'The modern idea of both parents working minimum 9-5 in a soul-destroying job, away from their loved ones, and children separated at school for long hours is actually much more restrictive than most of human history - urbanisation and the growth of factories etc allowed this kind of work to begin.'

Driving to work in a warm car, living in a warm building. Yes, it's sheer misery isn't it.
Long hours in school.
9-3.
A prison sentence, isn't it?

Noone forces anyone into these so called 'soul destroying' jobs.
What numpties in esablishments like the FC want is a situation where women are cushioned and cossetted and treated like delicate little things who need constant state inteference.

Who pays these people to come up with this tripe?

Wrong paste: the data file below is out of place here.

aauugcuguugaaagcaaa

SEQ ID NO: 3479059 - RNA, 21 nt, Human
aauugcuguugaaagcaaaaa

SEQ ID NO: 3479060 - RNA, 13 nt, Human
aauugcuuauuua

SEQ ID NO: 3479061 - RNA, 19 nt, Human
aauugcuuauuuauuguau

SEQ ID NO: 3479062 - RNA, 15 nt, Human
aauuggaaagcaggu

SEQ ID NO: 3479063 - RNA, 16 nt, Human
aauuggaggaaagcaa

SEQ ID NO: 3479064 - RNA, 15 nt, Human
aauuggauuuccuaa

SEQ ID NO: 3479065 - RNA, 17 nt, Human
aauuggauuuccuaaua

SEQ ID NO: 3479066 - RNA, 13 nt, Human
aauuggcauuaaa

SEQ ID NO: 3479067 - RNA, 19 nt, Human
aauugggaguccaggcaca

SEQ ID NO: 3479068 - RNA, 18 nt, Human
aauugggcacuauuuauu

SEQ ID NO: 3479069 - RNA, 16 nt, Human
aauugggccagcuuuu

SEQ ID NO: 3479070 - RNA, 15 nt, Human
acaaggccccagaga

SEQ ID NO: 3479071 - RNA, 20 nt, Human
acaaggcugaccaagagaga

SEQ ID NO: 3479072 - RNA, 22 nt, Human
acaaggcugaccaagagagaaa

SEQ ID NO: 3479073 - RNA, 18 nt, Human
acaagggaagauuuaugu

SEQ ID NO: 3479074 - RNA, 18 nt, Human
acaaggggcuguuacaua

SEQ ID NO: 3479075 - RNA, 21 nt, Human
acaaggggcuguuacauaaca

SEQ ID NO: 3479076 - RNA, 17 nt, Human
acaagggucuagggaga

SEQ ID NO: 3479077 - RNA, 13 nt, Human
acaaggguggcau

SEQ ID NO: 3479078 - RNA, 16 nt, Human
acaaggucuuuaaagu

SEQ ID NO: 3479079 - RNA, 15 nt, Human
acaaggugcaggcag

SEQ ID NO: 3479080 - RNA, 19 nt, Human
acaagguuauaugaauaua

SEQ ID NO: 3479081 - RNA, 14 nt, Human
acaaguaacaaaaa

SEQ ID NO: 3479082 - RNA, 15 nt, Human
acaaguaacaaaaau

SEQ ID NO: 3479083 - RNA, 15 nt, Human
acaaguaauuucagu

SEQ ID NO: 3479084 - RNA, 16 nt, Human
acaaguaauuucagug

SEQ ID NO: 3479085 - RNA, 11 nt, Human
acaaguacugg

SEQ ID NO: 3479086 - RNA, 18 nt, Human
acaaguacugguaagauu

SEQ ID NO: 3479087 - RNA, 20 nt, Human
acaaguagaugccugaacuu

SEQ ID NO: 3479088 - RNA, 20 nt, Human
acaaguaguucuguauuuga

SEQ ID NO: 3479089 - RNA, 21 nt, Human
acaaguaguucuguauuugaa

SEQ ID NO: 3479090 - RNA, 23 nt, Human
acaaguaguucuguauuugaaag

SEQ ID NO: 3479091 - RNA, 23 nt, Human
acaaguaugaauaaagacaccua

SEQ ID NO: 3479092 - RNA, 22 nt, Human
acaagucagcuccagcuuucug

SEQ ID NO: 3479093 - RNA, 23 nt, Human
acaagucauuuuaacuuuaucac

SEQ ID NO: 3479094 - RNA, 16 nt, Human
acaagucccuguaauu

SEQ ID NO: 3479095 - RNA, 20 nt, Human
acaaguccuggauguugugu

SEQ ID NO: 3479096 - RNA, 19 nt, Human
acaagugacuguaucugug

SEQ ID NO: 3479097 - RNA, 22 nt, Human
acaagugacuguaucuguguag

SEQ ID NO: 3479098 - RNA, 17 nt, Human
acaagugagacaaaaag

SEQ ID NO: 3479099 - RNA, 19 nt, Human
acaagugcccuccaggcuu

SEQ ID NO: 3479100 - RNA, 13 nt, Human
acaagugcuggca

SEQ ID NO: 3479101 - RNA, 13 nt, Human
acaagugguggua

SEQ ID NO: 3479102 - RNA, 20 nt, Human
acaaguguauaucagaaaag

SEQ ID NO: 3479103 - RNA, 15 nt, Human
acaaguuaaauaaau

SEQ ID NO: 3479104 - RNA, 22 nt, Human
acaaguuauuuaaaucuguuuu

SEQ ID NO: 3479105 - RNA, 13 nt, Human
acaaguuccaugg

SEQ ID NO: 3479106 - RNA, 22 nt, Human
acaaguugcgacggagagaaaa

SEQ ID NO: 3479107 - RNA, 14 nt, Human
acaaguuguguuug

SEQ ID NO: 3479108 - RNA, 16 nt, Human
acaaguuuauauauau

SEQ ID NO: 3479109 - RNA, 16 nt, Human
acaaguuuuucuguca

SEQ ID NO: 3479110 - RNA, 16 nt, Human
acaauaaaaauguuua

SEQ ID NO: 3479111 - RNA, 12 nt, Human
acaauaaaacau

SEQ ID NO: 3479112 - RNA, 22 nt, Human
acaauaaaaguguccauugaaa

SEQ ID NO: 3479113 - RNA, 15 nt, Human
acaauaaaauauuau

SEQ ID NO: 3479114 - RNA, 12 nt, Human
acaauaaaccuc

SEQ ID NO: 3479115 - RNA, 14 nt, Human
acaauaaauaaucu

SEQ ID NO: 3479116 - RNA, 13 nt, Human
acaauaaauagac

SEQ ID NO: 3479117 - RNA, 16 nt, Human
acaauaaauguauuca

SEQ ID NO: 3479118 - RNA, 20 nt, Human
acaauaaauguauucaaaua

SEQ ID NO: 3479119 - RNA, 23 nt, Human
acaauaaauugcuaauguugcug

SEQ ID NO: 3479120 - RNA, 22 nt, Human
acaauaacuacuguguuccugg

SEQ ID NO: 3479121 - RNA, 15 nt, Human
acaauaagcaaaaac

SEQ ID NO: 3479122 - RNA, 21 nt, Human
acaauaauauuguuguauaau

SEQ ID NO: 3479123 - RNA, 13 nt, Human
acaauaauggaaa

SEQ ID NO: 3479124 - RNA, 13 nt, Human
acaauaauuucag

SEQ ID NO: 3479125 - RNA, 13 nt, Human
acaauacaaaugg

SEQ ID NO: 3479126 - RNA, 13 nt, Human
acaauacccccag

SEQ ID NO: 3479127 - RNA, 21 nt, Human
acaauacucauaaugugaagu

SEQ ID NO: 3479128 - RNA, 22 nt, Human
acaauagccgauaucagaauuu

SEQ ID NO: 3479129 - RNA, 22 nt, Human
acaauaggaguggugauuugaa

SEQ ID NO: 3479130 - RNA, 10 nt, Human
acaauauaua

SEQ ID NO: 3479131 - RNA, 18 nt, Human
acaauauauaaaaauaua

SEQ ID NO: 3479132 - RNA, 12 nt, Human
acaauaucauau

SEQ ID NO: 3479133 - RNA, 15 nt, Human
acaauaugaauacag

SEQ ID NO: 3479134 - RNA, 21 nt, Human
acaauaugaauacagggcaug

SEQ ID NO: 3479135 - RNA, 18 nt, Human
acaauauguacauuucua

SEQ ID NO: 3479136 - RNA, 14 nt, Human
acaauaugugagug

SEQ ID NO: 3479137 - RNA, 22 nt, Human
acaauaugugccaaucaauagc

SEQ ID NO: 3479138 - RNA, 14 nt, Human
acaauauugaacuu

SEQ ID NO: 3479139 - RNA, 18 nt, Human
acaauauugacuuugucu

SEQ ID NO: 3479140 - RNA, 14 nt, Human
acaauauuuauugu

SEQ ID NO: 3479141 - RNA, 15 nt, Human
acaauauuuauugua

nailak Sat 19-Nov-11 16:57:25

i meant cv, sorry autocorrect turned it in to fb hmm

twinklytroll Sat 19-Nov-11 17:04:21

I do not do a soul destroying job, on the contrary it is an utter joy to spend a day with young people passing on a subject I love.

I entered teaching about 10 years ago and the workload was significantly less.

I was discussing this with dp the other day who suspects that he works as hard now as a part time worker as he was in a full time position when he started in his current field. The full timers are often firing off emails at 6am and still doing so at midnight .They are also working all weekend . Some of this is driven by a fear of being made redundant, many employers are exploiting this fear.